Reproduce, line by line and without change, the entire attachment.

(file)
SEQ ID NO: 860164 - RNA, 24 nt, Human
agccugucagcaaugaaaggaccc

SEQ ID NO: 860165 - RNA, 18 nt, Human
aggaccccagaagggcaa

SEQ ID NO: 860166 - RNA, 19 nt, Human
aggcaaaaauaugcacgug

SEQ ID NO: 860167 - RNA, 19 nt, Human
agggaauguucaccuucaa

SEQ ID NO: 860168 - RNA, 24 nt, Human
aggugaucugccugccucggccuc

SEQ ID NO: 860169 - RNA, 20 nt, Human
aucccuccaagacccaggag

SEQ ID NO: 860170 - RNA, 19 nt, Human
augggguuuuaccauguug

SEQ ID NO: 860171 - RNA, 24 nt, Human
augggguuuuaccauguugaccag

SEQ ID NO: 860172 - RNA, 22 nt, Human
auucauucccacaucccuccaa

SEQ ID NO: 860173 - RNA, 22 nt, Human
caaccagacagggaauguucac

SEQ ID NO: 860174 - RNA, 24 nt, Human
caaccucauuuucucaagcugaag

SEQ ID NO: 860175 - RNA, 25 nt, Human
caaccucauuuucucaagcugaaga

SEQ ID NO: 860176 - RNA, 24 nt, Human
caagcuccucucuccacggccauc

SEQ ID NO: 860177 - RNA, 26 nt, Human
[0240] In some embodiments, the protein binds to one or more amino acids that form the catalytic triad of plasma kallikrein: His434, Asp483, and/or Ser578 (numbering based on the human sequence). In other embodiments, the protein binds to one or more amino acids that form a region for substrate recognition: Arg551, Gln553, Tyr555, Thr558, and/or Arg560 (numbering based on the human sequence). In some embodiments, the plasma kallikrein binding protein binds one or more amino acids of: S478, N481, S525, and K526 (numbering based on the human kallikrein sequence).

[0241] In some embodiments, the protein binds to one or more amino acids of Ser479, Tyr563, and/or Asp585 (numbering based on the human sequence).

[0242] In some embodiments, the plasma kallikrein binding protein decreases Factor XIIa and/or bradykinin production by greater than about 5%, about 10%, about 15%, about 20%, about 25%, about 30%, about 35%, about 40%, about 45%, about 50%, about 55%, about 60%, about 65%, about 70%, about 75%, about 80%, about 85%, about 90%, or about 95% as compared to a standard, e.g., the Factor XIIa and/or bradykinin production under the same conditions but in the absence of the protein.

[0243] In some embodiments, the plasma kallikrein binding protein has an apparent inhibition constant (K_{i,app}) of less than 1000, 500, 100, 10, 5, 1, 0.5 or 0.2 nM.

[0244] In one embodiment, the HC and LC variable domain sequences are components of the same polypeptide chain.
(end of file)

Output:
SEQ ID NO: 860164 - RNA, 24 nt, Human
agccugucagcaaugaaaggaccc

SEQ ID NO: 860165 - RNA, 18 nt, Human
aggaccccagaagggcaa

SEQ ID NO: 860166 - RNA, 19 nt, Human
aggcaaaaauaugcacgug

SEQ ID NO: 860167 - RNA, 19 nt, Human
agggaauguucaccuucaa

SEQ ID NO: 860168 - RNA, 24 nt, Human
aggugaucugccugccucggccuc

SEQ ID NO: 860169 - RNA, 20 nt, Human
aucccuccaagacccaggag

SEQ ID NO: 860170 - RNA, 19 nt, Human
augggguuuuaccauguug

SEQ ID NO: 860171 - RNA, 24 nt, Human
augggguuuuaccauguugaccag

SEQ ID NO: 860172 - RNA, 22 nt, Human
auucauucccacaucccuccaa

SEQ ID NO: 860173 - RNA, 22 nt, Human
caaccagacagggaauguucac

SEQ ID NO: 860174 - RNA, 24 nt, Human
caaccucauuuucucaagcugaag

SEQ ID NO: 860175 - RNA, 25 nt, Human
caaccucauuuucucaagcugaaga

SEQ ID NO: 860176 - RNA, 24 nt, Human
caagcuccucucuccacggccauc

SEQ ID NO: 860177 - RNA, 26 nt, Human
[0240] In some embodiments, the protein binds to one or more amino acids that form the catalytic triad of plasma kallikrein: His434, Asp483, and/or Ser578 (numbering based on the human sequence). In other embodiments, the protein binds to one or more amino acids that form a region for substrate recognition: Arg551, Gln553, Tyr555, Thr558, and/or Arg560 (numbering based on the human sequence). In some embodiments, the plasma kallikrein binding protein binds one or more amino acids of: S478, N481, S525, and K526 (numbering based on the human kallikrein sequence).

[0241] In some embodiments, the protein binds to one or more amino acids of Ser479, Tyr563, and/or Asp585 (numbering based on the human sequence).

[0242] In some embodiments, the plasma kallikrein binding protein decreases Factor XIIa and/or bradykinin production by greater than about 5%, about 10%, about 15%, about 20%, about 25%, about 30%, about 35%, about 40%, about 45%, about 50%, about 55%, about 60%, about 65%, about 70%, about 75%, about 80%, about 85%, about 90%, or about 95% as compared to a standard, e.g., the Factor XIIa and/or bradykinin production under the same conditions but in the absence of the protein.

[0243] In some embodiments, the plasma kallikrein binding protein has an apparent inhibition constant (K_{i,app}) of less than 1000, 500, 100, 10, 5, 1, 0.5 or 0.2 nM.

[0244] In one embodiment, the HC and LC variable domain sequences are components of the same polypeptide chain.